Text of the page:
The feasibility of such an achievement was illustrated by a clinic system in Denver that has reduced costs enough to garner positive margins from Medicaid payments, Isgur said.

Among other operational changes, the clinic has replaced the use of scheduled appointments with “100 percent walk-in” to increase their patient volumes.

“They are looking for every operational way, in that population, to deliver those services as cheaply and efficiently as possible,” Isgur said.

Some providers are resistant to reorienting their healthcare delivery toward the most economical approaches because of concerns that such changes could impact their appeal to higher-paying commercial insurers.

“But the reality is that there is so much pressure on the price side of the house now because utilization has run out,” Isgur said, referring to the efforts of employer-sponsored plans to control utilization through high-deductible health plans and other coverage designs.

The financial standing of a provider can affect its ability to pursue such belt tightening.

A September report from Fitch Ratings noted that large-system providers have longer-term goals of cutting billions of dollars from their expense bases through a combination of basic cost-cutting (efficiency), clinical efficacy (elimination of waste), and a rethinking of how health care is delivered (transformation). The goal of those efforts is to break even or profit on Medicare rates.

“And Fitch continues to assert that higher-rating credits have the resources available to allow ongoing focus on improving both clinical and nonclinical efficiencies to help offset the impact of compressed commercial rate increases and little, if any, net rate increases from Medicare and Medicaid,” the report stated. “By comparison, lower-rated credits are characteristically less able to trim expenses and are less likely to be a ‘market maker’ versus a ‘market taker,’ and able to negotiate higher rates from commercial insurers as a must-have provider in their markets.”

At for-profit hospitals with better Medicare margins, strategies to further improve margins include “same-facility net revenue growth and benefits from cost-cutting and merger-related synergies, as well as the renegotiation of services and supply contracts,” according to an October report from Moody’s Investor Service.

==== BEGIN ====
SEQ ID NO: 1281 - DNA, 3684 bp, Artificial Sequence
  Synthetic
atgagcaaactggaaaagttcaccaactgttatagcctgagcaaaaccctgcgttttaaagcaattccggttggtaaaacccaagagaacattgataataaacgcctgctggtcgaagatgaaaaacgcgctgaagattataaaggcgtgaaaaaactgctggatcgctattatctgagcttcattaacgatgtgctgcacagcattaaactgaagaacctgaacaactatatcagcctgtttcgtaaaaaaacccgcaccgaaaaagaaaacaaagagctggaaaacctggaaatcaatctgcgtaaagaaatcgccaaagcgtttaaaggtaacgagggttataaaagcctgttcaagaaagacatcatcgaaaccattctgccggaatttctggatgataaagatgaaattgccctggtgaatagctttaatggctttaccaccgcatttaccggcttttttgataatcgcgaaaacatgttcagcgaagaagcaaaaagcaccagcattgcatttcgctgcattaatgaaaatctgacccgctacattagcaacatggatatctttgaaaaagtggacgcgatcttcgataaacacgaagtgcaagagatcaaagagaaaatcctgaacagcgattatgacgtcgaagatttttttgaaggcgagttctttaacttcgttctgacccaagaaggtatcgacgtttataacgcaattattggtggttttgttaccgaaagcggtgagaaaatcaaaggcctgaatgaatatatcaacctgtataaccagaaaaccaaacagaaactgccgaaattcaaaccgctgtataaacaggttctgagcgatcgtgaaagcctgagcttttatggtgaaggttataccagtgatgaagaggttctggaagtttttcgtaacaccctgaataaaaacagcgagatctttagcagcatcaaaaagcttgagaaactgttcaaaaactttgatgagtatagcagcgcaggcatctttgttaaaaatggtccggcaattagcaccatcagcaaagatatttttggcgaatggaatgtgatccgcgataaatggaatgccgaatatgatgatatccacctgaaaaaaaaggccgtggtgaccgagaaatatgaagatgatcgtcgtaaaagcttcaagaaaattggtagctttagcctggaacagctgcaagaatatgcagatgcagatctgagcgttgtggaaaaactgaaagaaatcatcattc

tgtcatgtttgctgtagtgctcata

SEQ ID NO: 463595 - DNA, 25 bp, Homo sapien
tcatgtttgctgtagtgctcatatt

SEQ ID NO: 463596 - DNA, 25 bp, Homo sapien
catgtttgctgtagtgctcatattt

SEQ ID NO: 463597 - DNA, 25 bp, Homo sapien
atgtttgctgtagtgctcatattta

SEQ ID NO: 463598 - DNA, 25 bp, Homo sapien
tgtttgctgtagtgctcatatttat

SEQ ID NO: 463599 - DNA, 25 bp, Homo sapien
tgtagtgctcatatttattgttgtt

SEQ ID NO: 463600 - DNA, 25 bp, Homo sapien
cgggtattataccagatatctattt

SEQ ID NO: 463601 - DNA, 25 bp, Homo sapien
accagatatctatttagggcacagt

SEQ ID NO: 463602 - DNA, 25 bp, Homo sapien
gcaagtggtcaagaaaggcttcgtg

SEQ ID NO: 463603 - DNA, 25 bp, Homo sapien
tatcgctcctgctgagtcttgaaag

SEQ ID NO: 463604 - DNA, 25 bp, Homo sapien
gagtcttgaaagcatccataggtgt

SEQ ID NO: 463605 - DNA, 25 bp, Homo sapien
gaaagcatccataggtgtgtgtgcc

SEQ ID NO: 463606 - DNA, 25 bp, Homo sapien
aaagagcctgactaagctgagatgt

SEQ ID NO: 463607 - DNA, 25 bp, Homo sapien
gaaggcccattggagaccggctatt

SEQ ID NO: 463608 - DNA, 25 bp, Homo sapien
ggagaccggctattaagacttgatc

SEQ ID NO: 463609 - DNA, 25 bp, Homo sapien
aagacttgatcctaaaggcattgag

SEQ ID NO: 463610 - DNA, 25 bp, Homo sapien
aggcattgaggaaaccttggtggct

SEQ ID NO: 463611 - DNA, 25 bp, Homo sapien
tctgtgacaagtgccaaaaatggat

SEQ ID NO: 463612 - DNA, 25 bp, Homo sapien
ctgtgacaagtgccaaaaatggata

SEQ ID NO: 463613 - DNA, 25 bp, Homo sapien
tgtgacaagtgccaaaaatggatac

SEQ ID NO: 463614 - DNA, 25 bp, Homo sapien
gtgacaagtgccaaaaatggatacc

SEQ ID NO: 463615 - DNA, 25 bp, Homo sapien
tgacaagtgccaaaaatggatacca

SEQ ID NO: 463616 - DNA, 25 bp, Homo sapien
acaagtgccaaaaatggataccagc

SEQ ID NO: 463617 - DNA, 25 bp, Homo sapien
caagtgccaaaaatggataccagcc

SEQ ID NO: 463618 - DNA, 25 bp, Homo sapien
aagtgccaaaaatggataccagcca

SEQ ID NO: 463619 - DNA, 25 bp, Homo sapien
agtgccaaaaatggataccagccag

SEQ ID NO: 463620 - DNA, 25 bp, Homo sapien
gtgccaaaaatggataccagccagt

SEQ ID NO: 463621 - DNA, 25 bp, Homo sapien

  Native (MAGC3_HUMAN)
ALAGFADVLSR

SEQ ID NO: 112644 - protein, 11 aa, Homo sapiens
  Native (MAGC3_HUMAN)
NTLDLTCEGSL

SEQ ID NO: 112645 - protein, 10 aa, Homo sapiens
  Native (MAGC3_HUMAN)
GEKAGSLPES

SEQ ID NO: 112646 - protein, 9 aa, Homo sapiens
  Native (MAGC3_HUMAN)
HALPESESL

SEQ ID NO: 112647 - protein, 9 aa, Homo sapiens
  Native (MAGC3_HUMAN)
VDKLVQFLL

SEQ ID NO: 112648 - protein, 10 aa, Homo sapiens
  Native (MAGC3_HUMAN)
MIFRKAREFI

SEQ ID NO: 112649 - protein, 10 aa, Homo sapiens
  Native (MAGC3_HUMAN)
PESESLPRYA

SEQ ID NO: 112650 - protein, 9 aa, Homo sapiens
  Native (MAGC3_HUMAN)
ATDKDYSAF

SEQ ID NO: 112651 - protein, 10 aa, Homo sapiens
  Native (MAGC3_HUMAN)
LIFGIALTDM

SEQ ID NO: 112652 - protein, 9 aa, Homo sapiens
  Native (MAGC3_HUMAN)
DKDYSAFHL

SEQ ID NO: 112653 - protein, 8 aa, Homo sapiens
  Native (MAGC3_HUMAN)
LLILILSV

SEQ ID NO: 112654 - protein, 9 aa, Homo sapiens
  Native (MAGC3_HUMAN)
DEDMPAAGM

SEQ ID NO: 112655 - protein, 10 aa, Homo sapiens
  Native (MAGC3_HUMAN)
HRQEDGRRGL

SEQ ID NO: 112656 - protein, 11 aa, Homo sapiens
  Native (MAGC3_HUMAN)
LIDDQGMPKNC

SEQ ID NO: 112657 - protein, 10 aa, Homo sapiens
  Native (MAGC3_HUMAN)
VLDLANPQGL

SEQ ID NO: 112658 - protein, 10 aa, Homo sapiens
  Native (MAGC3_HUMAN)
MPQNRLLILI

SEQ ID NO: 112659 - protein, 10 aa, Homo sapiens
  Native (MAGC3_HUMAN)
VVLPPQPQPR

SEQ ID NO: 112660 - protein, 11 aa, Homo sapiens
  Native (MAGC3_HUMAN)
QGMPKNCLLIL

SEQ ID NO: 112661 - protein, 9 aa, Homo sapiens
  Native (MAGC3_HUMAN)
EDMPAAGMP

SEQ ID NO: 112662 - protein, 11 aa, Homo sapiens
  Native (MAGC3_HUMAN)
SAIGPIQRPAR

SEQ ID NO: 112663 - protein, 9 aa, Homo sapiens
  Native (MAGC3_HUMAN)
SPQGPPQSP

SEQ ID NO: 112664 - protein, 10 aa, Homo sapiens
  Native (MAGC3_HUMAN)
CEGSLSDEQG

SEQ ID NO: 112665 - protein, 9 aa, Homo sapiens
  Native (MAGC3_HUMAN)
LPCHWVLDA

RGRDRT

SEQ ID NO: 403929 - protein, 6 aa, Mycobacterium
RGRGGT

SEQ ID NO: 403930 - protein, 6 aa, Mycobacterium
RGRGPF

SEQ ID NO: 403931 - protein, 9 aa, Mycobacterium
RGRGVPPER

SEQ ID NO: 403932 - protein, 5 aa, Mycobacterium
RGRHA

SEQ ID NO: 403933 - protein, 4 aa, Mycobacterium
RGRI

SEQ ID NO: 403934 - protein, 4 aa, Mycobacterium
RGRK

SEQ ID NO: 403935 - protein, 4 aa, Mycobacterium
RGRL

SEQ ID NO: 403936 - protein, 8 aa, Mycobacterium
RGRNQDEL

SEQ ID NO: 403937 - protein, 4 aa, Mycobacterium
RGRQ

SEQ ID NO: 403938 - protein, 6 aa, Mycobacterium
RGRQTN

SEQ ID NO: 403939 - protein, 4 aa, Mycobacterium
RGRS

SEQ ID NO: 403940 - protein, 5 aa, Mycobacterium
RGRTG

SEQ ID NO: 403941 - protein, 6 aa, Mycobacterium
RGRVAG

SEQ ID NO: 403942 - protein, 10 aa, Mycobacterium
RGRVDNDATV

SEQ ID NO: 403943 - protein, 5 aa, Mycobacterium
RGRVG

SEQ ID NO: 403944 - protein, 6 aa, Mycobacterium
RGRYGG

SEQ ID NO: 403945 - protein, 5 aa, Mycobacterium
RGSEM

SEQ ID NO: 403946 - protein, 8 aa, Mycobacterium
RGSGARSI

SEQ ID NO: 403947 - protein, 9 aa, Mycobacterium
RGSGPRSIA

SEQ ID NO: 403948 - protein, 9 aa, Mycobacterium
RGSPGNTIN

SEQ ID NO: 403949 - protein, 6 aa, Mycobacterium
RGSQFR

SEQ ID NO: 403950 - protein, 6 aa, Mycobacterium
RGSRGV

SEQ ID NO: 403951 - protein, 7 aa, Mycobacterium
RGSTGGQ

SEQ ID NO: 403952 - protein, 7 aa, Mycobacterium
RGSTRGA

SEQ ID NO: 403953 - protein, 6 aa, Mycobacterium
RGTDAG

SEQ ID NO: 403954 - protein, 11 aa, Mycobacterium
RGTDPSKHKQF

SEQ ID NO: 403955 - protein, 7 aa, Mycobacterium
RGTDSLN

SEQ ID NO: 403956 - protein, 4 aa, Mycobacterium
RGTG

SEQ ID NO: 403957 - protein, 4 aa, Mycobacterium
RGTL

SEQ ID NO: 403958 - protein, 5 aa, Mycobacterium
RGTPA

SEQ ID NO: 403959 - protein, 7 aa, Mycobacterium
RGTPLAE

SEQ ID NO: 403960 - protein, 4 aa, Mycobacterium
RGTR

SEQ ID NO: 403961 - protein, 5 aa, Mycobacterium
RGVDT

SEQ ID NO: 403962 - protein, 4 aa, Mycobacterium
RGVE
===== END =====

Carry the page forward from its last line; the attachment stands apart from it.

However, Moody’s noted that “headwinds, including wage inflation due to staffing shortages in certain markets, and rising medical specialist and supplies expense, will continue.”

Other MedPAC Findings

Hospitals’ fee-for-service Medicare revenue increased by 2.5 percent, or $2.6 billion, for inpatient care and by 8.4 percent, or $4.9 billion, for outpatient care. Uncompensated care payments declined by 6.4 percent, to $6 billion.    

MedPAC also found that hospital quality continues to improve for Medicare patients.

The patient experience continues to improve, with 73 percent of patients rating their overall hospital experience at a 9 or 10, compared with 71 percent in 2012.

Readmission rates continue to decline. In 2017, 15.8 percent of patients were readmitted, compared with 16.4 percent in 2012.

Mortality rates fell to 6.4 percent of patients in 2017 from 7.7 percent in 2012. 

Hospital occupancy rates remained low (62.5 percent) in 2017. Rates were lower (40.2 percent) for rural hospitals.

Outpatient spending per beneficiary increased by 8.4 percent. Total outpatient spending increased by $4.9 billion. Forty percent of that increase, $2 billion, was spent on separately payable drugs. Drug spending increases were driven by higher prices on existing drugs and growth in spending on pass-through drugs.

Bond issuances ($35 billion) in 2017 were described as consistent with 2016.

Rich Daly is a senior writer/editor in HFMA’s Washington, D.C., office. Follow Rich on Twitter: @rdalyhealthcare